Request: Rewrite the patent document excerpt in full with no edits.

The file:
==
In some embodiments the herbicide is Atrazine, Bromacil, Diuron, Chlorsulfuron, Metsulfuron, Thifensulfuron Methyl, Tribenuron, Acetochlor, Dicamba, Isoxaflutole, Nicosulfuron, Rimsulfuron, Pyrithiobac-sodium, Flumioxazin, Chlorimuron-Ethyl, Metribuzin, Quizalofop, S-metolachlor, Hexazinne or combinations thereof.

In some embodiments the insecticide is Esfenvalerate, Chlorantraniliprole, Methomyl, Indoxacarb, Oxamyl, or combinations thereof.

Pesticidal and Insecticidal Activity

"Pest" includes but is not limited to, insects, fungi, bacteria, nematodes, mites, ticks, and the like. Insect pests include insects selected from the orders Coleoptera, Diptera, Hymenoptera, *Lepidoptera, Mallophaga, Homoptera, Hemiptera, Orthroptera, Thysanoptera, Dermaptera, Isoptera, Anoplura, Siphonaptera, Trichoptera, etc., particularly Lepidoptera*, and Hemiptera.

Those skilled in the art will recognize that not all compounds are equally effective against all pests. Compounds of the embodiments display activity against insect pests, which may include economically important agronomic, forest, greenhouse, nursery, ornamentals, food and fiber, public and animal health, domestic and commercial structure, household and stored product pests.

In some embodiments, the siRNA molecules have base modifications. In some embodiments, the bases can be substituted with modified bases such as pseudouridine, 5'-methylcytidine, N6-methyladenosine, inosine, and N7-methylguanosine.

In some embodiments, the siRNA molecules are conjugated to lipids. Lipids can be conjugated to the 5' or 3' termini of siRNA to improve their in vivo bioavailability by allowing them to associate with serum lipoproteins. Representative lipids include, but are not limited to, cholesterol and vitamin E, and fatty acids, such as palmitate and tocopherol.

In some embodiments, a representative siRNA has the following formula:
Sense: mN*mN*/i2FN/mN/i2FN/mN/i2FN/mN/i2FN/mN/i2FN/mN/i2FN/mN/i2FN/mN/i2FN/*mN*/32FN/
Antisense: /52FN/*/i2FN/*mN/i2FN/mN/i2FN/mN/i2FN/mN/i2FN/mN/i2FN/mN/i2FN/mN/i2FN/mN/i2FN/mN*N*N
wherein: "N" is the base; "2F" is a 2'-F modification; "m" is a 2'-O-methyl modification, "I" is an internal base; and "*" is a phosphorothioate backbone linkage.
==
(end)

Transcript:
In some embodiments the herbicide is Atrazine, Bromacil, Diuron, Chlorsulfuron, Metsulfuron, Thifensulfuron Methyl, Tribenuron, Acetochlor, Dicamba, Isoxaflutole, Nicosulfuron, Rimsulfuron, Pyrithiobac-sodium, Flumioxazin, Chlorimuron-Ethyl, Metribuzin, Quizalofop, S-metolachlor, Hexazinne or combinations thereof.

In some embodiments the insecticide is Esfenvalerate, Chlorantraniliprole, Methomyl, Indoxacarb, Oxamyl, or combinations thereof.

Pesticidal and Insecticidal Activity

"Pest" includes but is not limited to, insects, fungi, bacteria, nematodes, mites, ticks, and the like. Insect pests include insects selected from the orders Coleoptera, Diptera, Hymenoptera, *Lepidoptera, Mallophaga, Homoptera, Hemiptera, Orthroptera, Thysanoptera, Dermaptera, Isoptera, Anoplura, Siphonaptera, Trichoptera, etc., particularly Lepidoptera*, and Hemiptera.

Those skilled in the art will recognize that not all compounds are equally effective against all pests. Compounds of the embodiments display activity against insect pests, which may include economically important agronomic, forest, greenhouse, nursery, ornamentals, food and fiber, public and animal health, domestic and commercial structure, household and stored product pests.

In some embodiments, the siRNA molecules have base modifications. In some embodiments, the bases can be substituted with modified bases such as pseudouridine, 5'-methylcytidine, N6-methyladenosine, inosine, and N7-methylguanosine.

In some embodiments, the siRNA molecules are conjugated to lipids. Lipids can be conjugated to the 5' or 3' termini of siRNA to improve their in vivo bioavailability by allowing them to associate with serum lipoproteins. Representative lipids include, but are not limited to, cholesterol and vitamin E, and fatty acids, such as palmitate and tocopherol.

In some embodiments, a representative siRNA has the following formula:
Sense: mN*mN*/i2FN/mN/i2FN/mN/i2FN/mN/i2FN/mN/i2FN/mN/i2FN/mN/i2FN/mN/i2FN/*mN*/32FN/
Antisense: /52FN/*/i2FN/*mN/i2FN/mN/i2FN/mN/i2FN/mN/i2FN/mN/i2FN/mN/i2FN/mN/i2FN/mN/i2FN/mN*N*N
wherein: "N" is the base; "2F" is a 2'-F modification; "m" is a 2'-O-methyl modification, "I" is an internal base; and "*" is a phosphorothioate backbone linkage.